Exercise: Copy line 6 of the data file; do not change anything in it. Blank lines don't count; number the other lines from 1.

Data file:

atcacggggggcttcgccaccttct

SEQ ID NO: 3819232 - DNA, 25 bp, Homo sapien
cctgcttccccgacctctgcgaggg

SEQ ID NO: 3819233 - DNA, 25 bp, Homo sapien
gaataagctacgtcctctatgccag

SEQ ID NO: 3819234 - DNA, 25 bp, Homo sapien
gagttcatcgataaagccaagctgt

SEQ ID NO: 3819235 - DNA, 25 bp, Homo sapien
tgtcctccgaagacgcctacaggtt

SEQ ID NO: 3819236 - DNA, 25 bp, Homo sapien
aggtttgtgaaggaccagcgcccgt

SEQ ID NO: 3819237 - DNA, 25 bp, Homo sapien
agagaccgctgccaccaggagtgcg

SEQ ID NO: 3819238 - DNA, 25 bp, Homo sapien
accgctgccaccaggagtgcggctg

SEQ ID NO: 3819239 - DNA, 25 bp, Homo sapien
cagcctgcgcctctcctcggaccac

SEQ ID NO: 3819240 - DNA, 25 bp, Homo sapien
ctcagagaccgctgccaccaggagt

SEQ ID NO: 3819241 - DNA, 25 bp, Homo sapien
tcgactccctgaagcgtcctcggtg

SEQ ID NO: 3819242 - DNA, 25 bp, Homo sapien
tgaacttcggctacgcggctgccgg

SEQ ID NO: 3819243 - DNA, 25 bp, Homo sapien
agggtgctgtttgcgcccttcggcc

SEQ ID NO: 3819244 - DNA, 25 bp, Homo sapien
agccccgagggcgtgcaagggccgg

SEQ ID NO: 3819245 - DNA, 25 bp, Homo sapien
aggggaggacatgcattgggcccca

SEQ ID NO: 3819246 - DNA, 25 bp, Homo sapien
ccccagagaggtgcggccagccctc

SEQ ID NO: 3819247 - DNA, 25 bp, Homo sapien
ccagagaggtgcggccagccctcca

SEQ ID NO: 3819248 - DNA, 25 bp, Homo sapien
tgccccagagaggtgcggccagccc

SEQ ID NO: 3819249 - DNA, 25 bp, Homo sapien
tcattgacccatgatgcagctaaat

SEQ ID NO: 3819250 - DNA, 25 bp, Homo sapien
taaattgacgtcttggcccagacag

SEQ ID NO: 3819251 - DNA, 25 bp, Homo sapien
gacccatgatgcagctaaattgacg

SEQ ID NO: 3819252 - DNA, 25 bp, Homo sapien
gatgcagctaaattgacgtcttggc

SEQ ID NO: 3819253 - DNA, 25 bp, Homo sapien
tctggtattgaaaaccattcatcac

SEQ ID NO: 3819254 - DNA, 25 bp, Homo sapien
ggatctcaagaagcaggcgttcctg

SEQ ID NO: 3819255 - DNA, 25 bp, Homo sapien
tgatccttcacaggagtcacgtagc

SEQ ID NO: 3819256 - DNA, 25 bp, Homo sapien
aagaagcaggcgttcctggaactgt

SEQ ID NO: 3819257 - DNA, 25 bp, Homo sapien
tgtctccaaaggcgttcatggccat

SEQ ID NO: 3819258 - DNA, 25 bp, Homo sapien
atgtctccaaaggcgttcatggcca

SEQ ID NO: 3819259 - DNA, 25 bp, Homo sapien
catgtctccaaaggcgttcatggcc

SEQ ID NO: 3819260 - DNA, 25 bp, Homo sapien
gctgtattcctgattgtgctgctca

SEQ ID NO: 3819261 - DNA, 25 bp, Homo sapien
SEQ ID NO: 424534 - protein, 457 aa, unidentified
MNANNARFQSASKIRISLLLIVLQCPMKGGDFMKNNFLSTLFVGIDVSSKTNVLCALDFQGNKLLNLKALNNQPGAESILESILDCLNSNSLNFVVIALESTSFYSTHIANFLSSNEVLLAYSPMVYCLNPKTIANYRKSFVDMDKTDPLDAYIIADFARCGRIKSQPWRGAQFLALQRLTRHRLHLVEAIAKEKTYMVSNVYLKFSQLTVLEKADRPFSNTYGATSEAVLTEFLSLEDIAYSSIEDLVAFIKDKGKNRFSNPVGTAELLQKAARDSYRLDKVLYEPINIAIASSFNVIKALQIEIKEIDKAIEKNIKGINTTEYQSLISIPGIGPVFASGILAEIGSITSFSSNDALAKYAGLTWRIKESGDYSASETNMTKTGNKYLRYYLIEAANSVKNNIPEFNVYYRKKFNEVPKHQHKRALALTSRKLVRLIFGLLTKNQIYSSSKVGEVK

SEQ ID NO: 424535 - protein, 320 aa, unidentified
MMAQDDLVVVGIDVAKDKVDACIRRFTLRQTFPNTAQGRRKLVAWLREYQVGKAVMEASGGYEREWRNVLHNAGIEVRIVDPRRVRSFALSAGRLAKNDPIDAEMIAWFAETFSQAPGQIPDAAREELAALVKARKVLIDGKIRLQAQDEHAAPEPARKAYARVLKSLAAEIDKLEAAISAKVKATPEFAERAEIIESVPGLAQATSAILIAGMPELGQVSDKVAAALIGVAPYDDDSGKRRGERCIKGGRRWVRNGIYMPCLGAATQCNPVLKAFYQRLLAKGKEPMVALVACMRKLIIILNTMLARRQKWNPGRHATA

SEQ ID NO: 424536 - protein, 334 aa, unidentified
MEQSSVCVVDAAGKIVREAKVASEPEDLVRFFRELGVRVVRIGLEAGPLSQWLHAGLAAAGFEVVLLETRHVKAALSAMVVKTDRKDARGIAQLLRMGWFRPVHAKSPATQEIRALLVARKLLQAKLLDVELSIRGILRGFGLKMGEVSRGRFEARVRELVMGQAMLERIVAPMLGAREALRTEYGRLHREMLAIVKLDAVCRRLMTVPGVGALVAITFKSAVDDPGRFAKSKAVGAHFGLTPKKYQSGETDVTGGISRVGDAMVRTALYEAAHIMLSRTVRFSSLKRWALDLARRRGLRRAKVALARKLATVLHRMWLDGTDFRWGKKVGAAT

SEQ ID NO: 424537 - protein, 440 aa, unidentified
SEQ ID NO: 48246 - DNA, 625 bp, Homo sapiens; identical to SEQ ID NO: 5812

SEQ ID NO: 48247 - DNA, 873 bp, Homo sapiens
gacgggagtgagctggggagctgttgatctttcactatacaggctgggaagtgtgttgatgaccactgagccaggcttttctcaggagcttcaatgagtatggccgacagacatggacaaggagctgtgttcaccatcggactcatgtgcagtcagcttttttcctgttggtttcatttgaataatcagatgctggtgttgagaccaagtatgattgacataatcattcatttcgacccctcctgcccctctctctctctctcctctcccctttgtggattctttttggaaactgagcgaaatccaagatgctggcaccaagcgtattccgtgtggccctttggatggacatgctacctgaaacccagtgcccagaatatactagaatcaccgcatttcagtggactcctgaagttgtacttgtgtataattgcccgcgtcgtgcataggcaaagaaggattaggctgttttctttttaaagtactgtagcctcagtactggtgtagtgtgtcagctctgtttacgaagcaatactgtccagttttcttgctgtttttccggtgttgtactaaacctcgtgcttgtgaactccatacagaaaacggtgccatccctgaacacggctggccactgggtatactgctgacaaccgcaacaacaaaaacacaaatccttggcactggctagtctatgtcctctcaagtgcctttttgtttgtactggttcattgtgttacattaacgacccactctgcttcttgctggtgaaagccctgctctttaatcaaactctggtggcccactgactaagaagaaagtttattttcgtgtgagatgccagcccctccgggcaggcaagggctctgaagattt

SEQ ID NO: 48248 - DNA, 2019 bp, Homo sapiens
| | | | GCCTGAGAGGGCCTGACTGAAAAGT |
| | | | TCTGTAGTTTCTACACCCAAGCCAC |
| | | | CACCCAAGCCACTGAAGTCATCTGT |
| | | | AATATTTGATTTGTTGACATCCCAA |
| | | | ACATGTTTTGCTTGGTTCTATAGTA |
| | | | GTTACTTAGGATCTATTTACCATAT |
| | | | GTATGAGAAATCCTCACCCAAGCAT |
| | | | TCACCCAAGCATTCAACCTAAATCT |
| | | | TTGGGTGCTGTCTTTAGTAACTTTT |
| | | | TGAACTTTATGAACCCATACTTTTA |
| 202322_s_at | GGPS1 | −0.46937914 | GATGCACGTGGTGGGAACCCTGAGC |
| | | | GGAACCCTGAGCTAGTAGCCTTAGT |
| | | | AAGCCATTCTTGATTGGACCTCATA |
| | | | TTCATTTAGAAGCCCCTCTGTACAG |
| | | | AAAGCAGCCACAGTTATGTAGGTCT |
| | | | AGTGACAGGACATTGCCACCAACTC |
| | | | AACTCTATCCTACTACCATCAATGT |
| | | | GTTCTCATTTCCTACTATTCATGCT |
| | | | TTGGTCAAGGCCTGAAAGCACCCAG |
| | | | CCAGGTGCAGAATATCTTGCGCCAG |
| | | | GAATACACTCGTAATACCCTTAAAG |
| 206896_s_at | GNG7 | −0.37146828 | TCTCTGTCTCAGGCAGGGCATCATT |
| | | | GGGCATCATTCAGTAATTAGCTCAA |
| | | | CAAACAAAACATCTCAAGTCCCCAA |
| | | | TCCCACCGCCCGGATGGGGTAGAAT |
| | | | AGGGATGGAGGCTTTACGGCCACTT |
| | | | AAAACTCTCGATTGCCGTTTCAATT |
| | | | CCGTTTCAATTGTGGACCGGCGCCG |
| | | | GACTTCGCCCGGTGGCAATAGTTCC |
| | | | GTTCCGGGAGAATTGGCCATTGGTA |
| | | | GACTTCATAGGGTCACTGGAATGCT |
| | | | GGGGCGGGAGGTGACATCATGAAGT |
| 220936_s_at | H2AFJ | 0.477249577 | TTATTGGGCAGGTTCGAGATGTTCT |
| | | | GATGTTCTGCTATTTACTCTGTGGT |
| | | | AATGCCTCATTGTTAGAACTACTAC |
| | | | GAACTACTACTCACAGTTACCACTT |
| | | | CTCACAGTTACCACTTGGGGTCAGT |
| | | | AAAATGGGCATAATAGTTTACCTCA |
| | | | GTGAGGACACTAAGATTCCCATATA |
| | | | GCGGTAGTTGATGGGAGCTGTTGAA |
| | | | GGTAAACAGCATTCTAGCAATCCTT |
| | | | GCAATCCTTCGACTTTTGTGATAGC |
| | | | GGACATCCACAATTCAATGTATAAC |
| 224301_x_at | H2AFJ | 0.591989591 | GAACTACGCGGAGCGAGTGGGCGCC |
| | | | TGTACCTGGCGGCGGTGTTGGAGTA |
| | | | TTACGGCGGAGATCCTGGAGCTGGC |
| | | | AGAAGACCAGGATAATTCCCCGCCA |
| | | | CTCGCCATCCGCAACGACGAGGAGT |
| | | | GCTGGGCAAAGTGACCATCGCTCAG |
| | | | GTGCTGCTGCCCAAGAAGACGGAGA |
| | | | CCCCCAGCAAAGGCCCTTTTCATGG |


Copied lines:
SEQ ID NO: 3819234 - DNA, 25 bp, Homo sapien